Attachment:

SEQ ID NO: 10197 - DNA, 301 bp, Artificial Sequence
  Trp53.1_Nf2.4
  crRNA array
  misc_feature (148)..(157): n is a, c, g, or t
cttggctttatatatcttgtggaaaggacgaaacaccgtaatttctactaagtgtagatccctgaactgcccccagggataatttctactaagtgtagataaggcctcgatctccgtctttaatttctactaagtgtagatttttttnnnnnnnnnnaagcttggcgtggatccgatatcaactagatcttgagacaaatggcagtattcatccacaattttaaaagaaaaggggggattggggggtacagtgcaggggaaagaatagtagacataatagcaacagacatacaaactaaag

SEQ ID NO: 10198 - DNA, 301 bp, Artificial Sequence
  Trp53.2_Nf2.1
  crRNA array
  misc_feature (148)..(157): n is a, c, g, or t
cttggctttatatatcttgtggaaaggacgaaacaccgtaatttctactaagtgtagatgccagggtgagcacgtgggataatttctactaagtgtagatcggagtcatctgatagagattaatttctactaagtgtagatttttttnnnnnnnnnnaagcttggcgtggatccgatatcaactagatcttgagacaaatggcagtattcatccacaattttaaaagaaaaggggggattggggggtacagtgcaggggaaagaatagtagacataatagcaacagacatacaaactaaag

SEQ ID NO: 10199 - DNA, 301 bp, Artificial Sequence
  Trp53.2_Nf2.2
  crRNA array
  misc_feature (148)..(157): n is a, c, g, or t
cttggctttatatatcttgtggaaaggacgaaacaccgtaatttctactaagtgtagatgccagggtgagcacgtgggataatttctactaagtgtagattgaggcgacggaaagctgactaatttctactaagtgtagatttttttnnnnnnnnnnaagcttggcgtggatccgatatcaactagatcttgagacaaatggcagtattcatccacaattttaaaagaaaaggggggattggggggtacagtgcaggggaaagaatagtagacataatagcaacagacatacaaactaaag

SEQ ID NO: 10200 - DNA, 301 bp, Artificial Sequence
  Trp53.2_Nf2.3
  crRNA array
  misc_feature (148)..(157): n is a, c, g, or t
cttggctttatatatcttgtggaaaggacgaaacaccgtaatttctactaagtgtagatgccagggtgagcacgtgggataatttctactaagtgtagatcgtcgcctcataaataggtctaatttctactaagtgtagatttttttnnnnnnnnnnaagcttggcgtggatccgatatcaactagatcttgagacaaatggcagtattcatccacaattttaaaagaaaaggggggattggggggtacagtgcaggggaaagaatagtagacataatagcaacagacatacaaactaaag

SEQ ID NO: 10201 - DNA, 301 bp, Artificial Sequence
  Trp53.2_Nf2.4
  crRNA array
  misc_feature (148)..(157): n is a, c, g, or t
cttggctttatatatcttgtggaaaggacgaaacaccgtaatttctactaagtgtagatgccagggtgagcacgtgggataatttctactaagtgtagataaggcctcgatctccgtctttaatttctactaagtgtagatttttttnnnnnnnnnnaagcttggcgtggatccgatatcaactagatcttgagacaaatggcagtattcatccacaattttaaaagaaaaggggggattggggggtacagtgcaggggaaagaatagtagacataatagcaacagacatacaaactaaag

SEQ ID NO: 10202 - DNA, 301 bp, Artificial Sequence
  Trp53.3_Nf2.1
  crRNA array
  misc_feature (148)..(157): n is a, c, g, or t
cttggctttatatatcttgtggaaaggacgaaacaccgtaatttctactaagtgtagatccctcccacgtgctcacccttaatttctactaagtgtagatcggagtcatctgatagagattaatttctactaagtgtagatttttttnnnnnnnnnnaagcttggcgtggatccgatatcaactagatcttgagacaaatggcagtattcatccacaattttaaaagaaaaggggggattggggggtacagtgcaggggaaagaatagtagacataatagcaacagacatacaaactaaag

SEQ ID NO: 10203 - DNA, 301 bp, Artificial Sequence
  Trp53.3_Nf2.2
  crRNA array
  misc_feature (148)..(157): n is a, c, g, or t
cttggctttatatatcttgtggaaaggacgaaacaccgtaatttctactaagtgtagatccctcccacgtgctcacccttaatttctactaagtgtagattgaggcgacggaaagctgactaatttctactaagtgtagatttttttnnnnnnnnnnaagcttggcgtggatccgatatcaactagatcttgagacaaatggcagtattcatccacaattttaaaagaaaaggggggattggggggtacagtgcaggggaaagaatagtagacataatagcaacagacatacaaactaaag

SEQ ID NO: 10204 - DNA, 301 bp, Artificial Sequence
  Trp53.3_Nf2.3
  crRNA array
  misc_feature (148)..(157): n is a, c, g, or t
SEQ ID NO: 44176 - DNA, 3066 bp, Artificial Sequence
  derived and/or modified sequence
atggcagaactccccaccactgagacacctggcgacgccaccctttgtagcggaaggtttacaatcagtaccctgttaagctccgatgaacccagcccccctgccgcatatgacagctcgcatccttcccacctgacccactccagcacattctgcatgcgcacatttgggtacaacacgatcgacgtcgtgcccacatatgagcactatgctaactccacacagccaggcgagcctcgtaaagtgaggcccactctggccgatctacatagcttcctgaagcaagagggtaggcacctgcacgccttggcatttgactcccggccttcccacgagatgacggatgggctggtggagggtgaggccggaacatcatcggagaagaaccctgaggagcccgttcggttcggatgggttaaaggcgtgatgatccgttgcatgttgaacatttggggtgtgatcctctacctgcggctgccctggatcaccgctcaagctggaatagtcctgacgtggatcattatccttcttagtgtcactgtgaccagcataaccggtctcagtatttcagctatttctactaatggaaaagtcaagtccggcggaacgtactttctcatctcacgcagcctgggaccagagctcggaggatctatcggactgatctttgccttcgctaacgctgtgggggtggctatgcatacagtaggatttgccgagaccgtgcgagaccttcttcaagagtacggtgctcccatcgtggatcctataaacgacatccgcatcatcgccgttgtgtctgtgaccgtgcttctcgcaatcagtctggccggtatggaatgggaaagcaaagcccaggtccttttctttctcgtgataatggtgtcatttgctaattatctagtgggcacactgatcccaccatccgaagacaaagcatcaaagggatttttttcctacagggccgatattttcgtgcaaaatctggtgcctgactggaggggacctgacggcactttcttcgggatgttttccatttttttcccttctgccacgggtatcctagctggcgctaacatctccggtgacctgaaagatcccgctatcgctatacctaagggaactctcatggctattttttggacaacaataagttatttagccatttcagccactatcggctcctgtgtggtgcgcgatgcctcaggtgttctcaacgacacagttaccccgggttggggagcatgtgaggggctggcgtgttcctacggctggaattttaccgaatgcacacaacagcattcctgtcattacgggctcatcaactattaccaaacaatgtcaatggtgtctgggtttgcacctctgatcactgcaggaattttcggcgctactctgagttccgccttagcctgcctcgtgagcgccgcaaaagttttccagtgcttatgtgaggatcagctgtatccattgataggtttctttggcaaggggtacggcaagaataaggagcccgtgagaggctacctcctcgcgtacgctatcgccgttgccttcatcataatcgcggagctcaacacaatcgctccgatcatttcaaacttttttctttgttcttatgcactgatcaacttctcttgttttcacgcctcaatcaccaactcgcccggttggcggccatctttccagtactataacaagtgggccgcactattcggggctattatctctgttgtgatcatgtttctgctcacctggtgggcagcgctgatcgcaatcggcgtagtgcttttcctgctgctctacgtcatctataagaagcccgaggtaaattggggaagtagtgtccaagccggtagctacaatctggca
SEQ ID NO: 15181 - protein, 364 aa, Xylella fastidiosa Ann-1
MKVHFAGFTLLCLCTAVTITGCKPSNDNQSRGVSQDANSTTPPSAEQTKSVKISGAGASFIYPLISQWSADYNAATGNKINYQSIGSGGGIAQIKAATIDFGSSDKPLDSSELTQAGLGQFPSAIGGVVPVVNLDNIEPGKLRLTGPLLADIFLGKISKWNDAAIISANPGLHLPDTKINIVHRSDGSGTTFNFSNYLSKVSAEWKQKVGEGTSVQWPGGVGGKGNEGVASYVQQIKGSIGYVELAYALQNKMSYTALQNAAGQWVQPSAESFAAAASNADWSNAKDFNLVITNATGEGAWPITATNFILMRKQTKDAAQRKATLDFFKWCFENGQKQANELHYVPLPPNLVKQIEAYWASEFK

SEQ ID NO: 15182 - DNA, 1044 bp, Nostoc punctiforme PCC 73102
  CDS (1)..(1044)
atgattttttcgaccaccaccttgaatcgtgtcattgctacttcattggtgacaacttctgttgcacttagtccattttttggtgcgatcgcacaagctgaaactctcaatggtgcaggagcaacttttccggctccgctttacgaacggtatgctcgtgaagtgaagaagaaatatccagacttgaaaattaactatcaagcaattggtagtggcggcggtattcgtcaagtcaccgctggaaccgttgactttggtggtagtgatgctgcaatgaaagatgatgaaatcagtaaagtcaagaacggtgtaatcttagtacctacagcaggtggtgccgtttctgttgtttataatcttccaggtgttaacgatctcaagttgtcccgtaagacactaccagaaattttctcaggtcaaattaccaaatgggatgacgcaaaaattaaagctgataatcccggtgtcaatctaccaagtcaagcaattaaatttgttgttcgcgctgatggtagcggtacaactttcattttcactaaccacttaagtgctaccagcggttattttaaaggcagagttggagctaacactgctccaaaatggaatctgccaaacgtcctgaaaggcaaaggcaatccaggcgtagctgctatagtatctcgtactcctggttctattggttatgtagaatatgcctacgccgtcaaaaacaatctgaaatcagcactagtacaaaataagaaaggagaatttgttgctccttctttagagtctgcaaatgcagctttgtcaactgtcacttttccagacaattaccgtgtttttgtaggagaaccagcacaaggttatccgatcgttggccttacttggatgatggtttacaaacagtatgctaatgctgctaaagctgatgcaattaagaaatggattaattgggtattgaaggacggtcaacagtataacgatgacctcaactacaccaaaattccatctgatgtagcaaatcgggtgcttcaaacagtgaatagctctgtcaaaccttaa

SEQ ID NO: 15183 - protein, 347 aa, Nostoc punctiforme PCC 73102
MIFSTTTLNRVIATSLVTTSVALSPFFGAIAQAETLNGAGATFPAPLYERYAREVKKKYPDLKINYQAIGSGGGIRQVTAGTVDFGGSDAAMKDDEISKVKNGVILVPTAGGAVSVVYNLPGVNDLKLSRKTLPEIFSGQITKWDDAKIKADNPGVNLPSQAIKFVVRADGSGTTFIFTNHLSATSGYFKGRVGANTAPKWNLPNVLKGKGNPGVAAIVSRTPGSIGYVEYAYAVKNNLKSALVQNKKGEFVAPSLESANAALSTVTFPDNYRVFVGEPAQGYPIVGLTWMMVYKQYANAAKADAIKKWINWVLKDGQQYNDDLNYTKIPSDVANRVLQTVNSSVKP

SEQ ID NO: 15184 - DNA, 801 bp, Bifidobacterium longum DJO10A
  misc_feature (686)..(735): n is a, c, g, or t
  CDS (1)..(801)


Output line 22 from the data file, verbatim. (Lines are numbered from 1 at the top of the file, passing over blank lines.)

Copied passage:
  Trp53.2_Nf2.4